• The model agrees that the photographer may use the photos for self-promotion, such as display in the studio, on the web site, etc. Sometimes the model will agree to let the photographer sell the photos.

For photographers and dancers just starting their businesses, this low-cost approach can be mutually beneficial. However, as noted above, it is important for the dancer to read the contract carefully to ensure she finds the terms acceptable.




Can the Photographer Provide Related Services?

And if they do, should you use those services?

Some photographers provide only their own personal services. Others offer supporting services. Sometimes these supporting services will cost extra, and other times they are included in the price of the photo session. Examples of supporting services could include:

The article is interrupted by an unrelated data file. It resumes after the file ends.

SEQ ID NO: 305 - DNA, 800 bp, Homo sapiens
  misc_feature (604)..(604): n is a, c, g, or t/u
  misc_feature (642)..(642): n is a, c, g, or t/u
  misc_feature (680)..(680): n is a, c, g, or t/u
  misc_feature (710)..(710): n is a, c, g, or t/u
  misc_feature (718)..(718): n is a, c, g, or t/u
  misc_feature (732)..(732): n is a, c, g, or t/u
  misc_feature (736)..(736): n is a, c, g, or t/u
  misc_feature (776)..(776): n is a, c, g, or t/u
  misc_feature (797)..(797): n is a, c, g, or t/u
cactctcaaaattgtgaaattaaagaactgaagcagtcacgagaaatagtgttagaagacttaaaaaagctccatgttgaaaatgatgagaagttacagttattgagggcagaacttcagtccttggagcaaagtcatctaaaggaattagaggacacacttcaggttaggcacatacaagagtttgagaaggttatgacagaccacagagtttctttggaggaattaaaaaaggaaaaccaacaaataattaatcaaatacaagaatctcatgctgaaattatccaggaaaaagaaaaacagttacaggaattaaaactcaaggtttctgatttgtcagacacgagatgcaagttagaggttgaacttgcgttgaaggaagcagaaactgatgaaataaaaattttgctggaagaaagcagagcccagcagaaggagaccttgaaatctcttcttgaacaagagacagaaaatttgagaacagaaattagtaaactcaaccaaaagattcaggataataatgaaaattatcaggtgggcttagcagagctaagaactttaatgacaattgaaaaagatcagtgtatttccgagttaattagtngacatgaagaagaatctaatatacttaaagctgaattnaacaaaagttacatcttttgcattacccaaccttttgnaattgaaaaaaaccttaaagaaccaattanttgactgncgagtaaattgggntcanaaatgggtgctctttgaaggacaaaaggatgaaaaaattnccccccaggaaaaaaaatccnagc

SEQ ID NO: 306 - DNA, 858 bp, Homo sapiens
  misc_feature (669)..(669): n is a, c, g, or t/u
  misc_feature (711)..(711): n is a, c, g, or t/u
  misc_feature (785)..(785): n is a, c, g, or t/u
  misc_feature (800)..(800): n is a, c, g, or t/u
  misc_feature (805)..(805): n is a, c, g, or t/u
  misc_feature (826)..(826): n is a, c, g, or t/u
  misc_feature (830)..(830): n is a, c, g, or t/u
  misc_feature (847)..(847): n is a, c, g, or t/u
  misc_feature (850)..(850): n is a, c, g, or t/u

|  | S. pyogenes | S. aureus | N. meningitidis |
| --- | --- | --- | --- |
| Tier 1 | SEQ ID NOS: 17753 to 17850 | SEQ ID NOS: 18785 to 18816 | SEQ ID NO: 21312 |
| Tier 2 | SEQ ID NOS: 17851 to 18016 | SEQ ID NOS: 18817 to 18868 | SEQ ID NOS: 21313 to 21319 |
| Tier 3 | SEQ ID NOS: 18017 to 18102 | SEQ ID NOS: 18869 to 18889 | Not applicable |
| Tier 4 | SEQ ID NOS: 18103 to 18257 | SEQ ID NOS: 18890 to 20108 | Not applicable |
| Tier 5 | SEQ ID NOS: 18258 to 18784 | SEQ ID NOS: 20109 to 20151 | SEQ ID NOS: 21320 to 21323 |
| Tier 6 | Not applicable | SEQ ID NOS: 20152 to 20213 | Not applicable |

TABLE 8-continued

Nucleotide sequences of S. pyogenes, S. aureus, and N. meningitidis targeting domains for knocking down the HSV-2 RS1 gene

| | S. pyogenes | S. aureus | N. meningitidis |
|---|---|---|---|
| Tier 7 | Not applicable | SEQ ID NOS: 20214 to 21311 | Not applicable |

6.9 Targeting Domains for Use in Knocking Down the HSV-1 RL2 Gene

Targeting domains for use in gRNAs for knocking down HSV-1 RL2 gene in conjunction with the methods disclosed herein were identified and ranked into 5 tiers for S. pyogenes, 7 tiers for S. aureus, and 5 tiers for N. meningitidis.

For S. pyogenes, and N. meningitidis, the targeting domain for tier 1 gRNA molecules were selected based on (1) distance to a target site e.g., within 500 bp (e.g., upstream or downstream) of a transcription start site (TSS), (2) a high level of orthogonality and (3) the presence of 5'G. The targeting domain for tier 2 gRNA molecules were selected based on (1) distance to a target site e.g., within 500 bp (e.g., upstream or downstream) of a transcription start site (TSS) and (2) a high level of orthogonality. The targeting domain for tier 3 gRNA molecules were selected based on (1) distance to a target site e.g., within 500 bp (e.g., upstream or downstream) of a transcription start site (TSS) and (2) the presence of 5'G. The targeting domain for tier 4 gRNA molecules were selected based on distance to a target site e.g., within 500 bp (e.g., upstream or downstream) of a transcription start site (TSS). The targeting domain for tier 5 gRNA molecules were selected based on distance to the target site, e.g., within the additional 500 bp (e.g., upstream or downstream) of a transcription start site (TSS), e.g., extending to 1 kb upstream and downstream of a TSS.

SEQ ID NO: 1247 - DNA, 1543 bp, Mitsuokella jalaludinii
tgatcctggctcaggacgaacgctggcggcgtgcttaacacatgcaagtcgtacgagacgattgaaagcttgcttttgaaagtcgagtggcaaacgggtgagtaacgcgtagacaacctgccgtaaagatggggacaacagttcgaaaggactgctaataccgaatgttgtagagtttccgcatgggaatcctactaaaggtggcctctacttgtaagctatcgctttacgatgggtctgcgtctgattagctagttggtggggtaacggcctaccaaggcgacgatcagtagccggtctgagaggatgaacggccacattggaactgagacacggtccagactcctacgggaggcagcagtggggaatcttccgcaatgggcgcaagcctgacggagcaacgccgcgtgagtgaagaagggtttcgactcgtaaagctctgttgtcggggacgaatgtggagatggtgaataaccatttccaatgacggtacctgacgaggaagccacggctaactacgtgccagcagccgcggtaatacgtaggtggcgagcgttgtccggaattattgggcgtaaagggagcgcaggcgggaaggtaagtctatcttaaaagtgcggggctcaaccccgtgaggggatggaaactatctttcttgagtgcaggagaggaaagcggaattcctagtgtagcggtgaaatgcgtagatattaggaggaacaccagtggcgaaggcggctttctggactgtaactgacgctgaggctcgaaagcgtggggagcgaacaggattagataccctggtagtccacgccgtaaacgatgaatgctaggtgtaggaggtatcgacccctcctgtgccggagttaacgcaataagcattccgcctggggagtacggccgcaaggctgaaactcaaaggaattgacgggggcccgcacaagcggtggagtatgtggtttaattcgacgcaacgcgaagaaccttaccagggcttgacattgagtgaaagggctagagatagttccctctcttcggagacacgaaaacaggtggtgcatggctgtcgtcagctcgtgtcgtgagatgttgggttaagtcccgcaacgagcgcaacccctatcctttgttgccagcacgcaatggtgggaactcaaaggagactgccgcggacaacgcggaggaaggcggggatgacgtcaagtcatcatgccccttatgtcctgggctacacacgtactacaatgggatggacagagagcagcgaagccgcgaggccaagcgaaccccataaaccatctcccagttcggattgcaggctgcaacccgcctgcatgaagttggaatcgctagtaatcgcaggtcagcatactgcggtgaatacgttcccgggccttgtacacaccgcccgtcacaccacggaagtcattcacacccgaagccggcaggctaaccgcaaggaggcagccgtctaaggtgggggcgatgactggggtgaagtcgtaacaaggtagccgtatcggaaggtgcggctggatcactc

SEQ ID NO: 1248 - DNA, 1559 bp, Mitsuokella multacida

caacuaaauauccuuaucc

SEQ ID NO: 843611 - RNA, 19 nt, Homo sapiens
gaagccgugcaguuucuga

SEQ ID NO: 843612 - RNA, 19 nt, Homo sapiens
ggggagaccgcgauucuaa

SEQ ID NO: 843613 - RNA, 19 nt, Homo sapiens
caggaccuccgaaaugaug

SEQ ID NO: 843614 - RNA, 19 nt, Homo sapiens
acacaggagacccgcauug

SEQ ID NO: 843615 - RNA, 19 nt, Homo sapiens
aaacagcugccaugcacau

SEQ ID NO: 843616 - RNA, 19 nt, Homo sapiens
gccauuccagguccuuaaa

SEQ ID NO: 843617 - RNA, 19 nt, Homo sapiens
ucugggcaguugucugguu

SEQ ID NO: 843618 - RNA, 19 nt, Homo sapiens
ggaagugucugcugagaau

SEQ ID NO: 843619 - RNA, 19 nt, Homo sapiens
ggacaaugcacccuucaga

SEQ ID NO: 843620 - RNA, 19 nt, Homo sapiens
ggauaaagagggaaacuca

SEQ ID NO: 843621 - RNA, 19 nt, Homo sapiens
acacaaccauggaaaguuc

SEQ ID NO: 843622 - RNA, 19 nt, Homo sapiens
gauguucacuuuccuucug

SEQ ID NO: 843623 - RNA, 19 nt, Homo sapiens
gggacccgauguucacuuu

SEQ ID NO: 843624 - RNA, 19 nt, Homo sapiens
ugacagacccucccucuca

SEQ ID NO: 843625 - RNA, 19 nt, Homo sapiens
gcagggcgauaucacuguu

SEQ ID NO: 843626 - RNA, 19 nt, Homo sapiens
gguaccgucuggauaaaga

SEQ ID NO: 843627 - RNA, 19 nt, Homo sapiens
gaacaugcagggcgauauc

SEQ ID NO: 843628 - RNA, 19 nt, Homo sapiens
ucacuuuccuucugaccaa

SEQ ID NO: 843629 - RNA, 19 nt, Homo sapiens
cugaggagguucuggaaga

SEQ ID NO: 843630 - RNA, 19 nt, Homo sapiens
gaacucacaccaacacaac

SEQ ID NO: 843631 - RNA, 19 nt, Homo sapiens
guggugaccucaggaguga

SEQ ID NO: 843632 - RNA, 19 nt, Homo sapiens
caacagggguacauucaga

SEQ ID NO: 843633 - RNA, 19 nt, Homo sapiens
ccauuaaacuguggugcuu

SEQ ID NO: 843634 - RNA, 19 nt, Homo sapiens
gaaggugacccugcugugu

• Makeup artist
  • Hair stylist
  • Loan of props you can hold or wear
  • A stylist, which is a person who will keep an eye on you throughout the shoot to make sure your photos won't be ruined by bloopers. A stylist can ensure your necklace is centered, your eye makeup hasn't rubbed off on one side, your skin is not creased as you twist your torso, etc.

You can ask the photographer about availability of such services if you think you might want them. Or, you can choose to make other arrangements if you prefer to handle these things on your own.

For example, if your photographer can provide a makeup artist, you might want to use that person's services. That said, I personally wouldn't want my very first experience with a new-to-me makeup artist to be doing my makeup for a photo session. I gambled on it once, and that person's idea of how to do my makeup led to photos that didn't appeal to me at all. The money I paid for that particular photo shoot ended up being wasted.